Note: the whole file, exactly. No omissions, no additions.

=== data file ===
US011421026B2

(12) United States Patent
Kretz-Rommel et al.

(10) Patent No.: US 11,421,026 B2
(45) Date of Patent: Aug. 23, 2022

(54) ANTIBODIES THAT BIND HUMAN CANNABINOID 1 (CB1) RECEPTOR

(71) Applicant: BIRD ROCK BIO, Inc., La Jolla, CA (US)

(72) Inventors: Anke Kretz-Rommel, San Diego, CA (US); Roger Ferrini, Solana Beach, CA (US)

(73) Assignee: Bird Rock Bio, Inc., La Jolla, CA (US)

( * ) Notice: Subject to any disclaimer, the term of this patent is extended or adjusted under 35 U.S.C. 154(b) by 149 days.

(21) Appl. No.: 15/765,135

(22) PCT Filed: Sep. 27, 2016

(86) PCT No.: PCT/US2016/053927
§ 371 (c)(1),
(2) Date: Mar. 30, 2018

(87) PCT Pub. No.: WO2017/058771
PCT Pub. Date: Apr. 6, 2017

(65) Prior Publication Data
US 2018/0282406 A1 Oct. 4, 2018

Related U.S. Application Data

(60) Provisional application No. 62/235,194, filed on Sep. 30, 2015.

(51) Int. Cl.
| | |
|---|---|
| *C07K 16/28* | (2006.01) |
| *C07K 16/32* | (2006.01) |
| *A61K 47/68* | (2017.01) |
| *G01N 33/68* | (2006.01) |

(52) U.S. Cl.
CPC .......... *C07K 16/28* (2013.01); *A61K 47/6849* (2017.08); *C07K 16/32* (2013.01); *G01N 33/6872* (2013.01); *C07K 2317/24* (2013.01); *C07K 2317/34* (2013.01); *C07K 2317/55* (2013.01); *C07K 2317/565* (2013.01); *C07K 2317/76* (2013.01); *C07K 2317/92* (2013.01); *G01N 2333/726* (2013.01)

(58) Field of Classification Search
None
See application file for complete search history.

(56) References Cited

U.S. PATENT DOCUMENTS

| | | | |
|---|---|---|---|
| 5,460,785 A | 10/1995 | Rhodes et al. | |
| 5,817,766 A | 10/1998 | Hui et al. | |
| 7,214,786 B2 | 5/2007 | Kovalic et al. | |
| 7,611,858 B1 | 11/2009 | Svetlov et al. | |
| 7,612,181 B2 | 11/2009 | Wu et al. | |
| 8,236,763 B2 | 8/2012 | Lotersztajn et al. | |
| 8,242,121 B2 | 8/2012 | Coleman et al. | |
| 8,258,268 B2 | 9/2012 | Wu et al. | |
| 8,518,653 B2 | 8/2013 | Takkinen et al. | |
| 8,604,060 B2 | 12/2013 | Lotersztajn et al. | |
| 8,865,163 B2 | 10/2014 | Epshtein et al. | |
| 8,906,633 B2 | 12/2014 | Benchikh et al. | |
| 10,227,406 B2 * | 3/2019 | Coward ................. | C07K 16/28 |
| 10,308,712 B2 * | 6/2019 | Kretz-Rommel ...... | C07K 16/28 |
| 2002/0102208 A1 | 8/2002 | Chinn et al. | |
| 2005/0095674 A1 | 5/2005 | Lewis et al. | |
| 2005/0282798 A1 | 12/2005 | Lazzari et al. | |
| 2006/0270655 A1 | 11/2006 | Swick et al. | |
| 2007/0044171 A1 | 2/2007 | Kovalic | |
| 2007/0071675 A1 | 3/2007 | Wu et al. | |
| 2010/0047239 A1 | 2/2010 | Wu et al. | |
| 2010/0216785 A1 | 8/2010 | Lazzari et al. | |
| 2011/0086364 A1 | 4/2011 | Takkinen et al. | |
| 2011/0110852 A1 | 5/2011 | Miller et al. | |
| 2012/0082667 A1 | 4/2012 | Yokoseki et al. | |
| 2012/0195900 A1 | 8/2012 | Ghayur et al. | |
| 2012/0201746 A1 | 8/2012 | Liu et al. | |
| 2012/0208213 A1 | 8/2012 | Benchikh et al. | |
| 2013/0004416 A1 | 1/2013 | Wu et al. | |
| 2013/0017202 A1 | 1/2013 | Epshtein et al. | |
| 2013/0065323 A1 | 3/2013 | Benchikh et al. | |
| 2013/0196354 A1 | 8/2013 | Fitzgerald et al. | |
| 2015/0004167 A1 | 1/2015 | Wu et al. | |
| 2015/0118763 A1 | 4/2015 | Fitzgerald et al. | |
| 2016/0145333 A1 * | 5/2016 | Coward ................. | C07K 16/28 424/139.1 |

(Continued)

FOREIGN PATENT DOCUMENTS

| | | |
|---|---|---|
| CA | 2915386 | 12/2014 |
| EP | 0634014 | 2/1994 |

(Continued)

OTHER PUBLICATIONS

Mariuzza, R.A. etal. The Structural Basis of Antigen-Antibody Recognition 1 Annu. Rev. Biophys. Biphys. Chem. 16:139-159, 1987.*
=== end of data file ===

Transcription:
US011421026B2

(12) United States Patent
Kretz-Rommel et al.

(10) Patent No.: US 11,421,026 B2
(45) Date of Patent: Aug. 23, 2022

(54) ANTIBODIES THAT BIND HUMAN CANNABINOID 1 (CB1) RECEPTOR

(71) Applicant: BIRD ROCK BIO, Inc., La Jolla, CA (US)

(72) Inventors: Anke Kretz-Rommel, San Diego, CA (US); Roger Ferrini, Solana Beach, CA (US)

(73) Assignee: Bird Rock Bio, Inc., La Jolla, CA (US)

( * ) Notice: Subject to any disclaimer, the term of this patent is extended or adjusted under 35 U.S.C. 154(b) by 149 days.

(21) Appl. No.: 15/765,135

(22) PCT Filed: Sep. 27, 2016

(86) PCT No.: PCT/US2016/053927
§ 371 (c)(1),
(2) Date: Mar. 30, 2018

(87) PCT Pub. No.: WO2017/058771
PCT Pub. Date: Apr. 6, 2017

(65) Prior Publication Data
US 2018/0282406 A1 Oct. 4, 2018

Related U.S. Application Data

(60) Provisional application No. 62/235,194, filed on Sep. 30, 2015.

(51) Int. Cl.
| | |
|---|---|
| *C07K 16/28* | (2006.01) |
| *C07K 16/32* | (2006.01) |
| *A61K 47/68* | (2017.01) |
| *G01N 33/68* | (2006.01) |

(52) U.S. Cl.
CPC .......... *C07K 16/28* (2013.01); *A61K 47/6849* (2017.08); *C07K 16/32* (2013.01); *G01N 33/6872* (2013.01); *C07K 2317/24* (2013.01); *C07K 2317/34* (2013.01); *C07K 2317/55* (2013.01); *C07K 2317/565* (2013.01); *C07K 2317/76* (2013.01); *C07K 2317/92* (2013.01); *G01N 2333/726* (2013.01)

(58) Field of Classification Search
None
See application file for complete search history.

(56) References Cited

U.S. PATENT DOCUMENTS

| | | | |
|---|---|---|---|
| 5,460,785 A | 10/1995 | Rhodes et al. | |
| 5,817,766 A | 10/1998 | Hui et al. | |
| 7,214,786 B2 | 5/2007 | Kovalic et al. | |
| 7,611,858 B1 | 11/2009 | Svetlov et al. | |
| 7,612,181 B2 | 11/2009 | Wu et al. | |
| 8,236,763 B2 | 8/2012 | Lotersztajn et al. | |
| 8,242,121 B2 | 8/2012 | Coleman et al. | |
| 8,258,268 B2 | 9/2012 | Wu et al. | |
| 8,518,653 B2 | 8/2013 | Takkinen et al. | |
| 8,604,060 B2 | 12/2013 | Lotersztajn et al. | |
| 8,865,163 B2 | 10/2014 | Epshtein et al. | |
| 8,906,633 B2 | 12/2014 | Benchikh et al. | |
| 10,227,406 B2 * | 3/2019 | Coward ................. | C07K 16/28 |
| 10,308,712 B2 * | 6/2019 | Kretz-Rommel ...... | C07K 16/28 |
| 2002/0102208 A1 | 8/2002 | Chinn et al. | |
| 2005/0095674 A1 | 5/2005 | Lewis et al. | |
| 2005/0282798 A1 | 12/2005 | Lazzari et al. | |
| 2006/0270655 A1 | 11/2006 | Swick et al. | |
| 2007/0044171 A1 | 2/2007 | Kovalic | |
| 2007/0071675 A1 | 3/2007 | Wu et al. | |
| 2010/0047239 A1 | 2/2010 | Wu et al. | |
| 2010/0216785 A1 | 8/2010 | Lazzari et al. | |
| 2011/0086364 A1 | 4/2011 | Takkinen et al. | |
| 2011/0110852 A1 | 5/2011 | Miller et al. | |
| 2012/0082667 A1 | 4/2012 | Yokoseki et al. | |
| 2012/0195900 A1 | 8/2012 | Ghayur et al. | |
| 2012/0201746 A1 | 8/2012 | Liu et al. | |
| 2012/0208213 A1 | 8/2012 | Benchikh et al. | |
| 2013/0004416 A1 | 1/2013 | Wu et al. | |
| 2013/0017202 A1 | 1/2013 | Epshtein et al. | |
| 2013/0065323 A1 | 3/2013 | Benchikh et al. | |
| 2013/0196354 A1 | 8/2013 | Fitzgerald et al. | |
| 2015/0004167 A1 | 1/2015 | Wu et al. | |
| 2015/0118763 A1 | 4/2015 | Fitzgerald et al. | |
| 2016/0145333 A1 * | 5/2016 | Coward ................. | C07K 16/28 424/139.1 |

(Continued)

FOREIGN PATENT DOCUMENTS

| | | |
|---|---|---|
| CA | 2915386 | 12/2014 |
| EP | 0634014 | 2/1994 |

(Continued)

OTHER PUBLICATIONS

Mariuzza, R.A. etal. The Structural Basis of Antigen-Antibody Recognition 1 Annu. Rev. Biophys. Biphys. Chem. 16:139-159, 1987.*